I want to try and write code for a BK tree using a certain edit distance that accounts for transpositions for a spell corrector. I've looked into Damerau-Levenshtein distance, but the triangle inequality required for a BK tree does not hold. Any suggestions?


1 Answer 1


Actually, the Damerau–Levenshtein distance is a metric. (See, for example, §11.1 of Encyclopedia of Distances, by Deza & Deza, Springer, 2009.) That is, it does obey the triangle inequality. This can be seen quite easily if you view every possible string as a node, with the edit operations and transpositions between them as edges. The Damerau–Levenshtein distance is then a shortest-path distance between the two strings in question, and such distances (graph geodesics) are always metric (i.e., triangular): You can't take a shortcut (breaking the triangle inequality) without simultaneously discovering a shorter path (a contradiction).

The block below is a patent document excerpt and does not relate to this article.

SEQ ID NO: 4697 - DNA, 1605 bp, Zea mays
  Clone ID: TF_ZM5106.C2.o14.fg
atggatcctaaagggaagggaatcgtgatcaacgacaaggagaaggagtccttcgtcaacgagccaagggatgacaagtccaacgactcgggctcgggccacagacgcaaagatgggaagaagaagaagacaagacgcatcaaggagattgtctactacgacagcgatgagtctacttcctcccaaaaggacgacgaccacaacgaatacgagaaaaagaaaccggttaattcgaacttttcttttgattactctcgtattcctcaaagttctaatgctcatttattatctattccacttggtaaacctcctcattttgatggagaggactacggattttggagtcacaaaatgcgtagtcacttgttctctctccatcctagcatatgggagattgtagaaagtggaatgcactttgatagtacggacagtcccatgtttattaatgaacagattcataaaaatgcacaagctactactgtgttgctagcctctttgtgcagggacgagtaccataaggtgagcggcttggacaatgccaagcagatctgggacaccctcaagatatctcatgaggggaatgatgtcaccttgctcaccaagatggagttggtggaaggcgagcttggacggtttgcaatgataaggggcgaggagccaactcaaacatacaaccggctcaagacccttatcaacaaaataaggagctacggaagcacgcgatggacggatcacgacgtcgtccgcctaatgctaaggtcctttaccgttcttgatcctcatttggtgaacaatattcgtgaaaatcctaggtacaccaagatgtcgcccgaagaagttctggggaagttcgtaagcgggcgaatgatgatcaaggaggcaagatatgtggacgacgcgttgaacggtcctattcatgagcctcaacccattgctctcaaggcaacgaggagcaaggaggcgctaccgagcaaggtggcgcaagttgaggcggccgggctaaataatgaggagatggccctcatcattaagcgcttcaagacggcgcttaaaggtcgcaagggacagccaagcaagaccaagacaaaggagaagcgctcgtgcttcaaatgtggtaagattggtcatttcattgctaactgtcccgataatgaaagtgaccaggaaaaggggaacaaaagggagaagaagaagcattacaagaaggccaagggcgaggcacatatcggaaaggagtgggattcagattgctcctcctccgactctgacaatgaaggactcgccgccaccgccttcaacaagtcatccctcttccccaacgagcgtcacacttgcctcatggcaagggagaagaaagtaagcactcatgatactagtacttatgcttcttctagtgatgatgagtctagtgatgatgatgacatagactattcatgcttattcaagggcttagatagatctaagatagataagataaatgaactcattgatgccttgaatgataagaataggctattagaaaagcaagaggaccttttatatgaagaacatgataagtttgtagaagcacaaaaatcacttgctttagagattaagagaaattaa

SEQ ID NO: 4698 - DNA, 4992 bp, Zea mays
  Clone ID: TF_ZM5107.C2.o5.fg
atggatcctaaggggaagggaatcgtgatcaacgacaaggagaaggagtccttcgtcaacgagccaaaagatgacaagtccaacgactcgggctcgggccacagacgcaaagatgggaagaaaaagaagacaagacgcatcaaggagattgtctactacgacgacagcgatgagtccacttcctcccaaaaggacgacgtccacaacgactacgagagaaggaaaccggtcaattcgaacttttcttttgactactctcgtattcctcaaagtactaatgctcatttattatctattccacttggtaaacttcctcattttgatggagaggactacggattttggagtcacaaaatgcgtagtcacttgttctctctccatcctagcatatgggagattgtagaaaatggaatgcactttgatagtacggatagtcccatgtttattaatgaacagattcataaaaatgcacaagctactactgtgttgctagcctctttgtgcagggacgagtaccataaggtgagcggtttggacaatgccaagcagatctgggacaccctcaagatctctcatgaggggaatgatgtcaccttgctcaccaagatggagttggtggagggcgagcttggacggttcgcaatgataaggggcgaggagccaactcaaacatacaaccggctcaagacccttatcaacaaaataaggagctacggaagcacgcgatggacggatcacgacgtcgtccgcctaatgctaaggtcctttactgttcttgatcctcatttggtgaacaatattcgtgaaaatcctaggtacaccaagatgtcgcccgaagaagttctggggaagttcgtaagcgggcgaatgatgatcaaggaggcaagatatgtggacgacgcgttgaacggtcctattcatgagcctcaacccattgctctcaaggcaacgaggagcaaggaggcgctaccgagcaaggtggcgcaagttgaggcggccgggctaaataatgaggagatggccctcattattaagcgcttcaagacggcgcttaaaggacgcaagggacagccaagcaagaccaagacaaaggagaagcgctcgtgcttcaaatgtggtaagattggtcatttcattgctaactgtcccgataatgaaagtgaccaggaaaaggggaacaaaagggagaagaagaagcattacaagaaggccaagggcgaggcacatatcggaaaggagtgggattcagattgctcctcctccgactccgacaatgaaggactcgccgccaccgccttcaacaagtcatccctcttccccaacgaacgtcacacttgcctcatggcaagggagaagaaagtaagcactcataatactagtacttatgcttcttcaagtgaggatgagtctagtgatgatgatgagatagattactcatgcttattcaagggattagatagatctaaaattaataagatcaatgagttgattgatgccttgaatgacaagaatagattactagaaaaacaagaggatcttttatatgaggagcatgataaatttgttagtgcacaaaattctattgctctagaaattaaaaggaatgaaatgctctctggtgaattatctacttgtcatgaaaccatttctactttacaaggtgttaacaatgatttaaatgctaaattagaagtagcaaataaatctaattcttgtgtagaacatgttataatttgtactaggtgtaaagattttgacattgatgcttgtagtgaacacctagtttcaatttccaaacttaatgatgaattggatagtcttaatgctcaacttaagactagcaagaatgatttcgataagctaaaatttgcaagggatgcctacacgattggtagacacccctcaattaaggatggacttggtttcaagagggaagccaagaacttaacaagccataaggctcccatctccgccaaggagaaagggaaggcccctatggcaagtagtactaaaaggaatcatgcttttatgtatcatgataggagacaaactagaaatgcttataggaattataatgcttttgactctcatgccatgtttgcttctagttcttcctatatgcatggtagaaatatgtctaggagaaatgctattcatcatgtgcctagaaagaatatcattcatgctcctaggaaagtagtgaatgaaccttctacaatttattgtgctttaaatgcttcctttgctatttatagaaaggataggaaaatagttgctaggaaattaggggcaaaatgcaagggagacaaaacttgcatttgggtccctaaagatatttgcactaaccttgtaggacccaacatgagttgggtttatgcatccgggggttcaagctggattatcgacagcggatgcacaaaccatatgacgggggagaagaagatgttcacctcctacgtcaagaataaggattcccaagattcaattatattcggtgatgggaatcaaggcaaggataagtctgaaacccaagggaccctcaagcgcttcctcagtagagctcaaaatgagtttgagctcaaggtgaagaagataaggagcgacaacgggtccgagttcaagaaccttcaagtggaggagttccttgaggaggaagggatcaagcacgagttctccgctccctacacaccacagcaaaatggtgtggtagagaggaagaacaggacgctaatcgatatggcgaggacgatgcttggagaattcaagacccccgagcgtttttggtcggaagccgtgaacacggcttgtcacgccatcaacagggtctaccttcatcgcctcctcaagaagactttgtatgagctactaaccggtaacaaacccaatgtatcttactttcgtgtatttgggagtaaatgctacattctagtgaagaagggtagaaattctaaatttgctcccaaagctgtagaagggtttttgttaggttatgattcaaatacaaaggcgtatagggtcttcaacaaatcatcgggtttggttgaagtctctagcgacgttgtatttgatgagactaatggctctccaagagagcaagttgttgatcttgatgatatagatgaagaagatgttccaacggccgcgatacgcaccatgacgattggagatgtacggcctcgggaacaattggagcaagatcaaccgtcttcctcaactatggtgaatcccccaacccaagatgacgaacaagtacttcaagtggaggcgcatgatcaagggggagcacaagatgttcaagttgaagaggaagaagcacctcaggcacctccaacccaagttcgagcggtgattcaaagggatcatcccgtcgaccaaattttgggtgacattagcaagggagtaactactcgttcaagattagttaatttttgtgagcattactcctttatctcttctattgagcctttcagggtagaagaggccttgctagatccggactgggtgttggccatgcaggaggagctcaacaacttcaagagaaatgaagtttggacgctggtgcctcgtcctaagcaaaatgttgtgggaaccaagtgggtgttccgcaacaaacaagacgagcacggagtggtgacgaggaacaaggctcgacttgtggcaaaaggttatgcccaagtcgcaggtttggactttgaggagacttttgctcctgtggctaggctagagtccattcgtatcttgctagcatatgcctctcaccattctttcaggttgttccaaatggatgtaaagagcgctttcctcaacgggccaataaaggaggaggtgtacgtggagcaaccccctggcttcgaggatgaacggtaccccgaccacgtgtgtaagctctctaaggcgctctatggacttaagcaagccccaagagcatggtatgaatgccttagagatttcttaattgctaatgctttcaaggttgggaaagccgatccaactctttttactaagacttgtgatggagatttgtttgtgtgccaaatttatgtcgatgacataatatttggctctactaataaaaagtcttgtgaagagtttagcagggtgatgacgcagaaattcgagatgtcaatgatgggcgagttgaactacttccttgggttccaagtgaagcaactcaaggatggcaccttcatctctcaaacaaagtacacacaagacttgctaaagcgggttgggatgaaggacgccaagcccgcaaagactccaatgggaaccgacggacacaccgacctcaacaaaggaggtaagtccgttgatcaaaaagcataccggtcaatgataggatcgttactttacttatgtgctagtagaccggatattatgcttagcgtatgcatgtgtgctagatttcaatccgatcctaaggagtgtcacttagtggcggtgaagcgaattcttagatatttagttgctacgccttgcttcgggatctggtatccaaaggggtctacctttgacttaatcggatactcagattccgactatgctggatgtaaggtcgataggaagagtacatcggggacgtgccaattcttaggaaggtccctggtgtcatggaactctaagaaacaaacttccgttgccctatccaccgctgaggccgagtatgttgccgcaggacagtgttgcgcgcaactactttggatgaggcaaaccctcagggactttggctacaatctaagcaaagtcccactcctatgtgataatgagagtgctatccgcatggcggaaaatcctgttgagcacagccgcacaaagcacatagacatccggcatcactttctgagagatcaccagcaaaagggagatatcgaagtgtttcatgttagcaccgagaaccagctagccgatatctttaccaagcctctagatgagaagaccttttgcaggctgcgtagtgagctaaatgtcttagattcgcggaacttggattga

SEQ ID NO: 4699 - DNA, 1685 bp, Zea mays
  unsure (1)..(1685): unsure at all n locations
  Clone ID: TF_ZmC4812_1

The problem is that actually computing the Damerau–Levenshtein distances is tricky, and you may see algorithms that compute something similar (optimal string alignment, for example), but that don't actually find the minimal number of steps. If Damerau–Levenshtein with adjacent transpositions is OK for your application, you can use that. You'll find algorithms for computing it online (even in Wikipedia), and as long as your code computes the minimum number of steps, the triangle inequality is obeyed. (But note that, as stated, algorithms based on finding the Damerau–Levenshtein distance through optimal alignment will not obey the triangle inequality, but that is because they don't really find the true Damerau–Levenshtein distance.)

If you want the unrestricted Damerau–Levenshtein distance (without necessarily using adjacent transpositions): Fear not, there are ways of computing that as well! You could have a look at the work of Lowrance & Wagner, for example.

If you don't want to get into the details of that, you could simply use a heuristic algorithm such as $A^*$ to compute the distance, with plain Levenshtein distance as the lower-bounding heuristic, for example. Should be efficient enough for reasonably-sized strings, and will give you the corret Damerau–Levenshtein distance. And it will work with your BK-trees.


Your Answer

By clicking “Post Your Answer”, you agree to our terms of service and acknowledge you have read our privacy policy.

Not the answer you're looking for? Browse other questions tagged or ask your own question.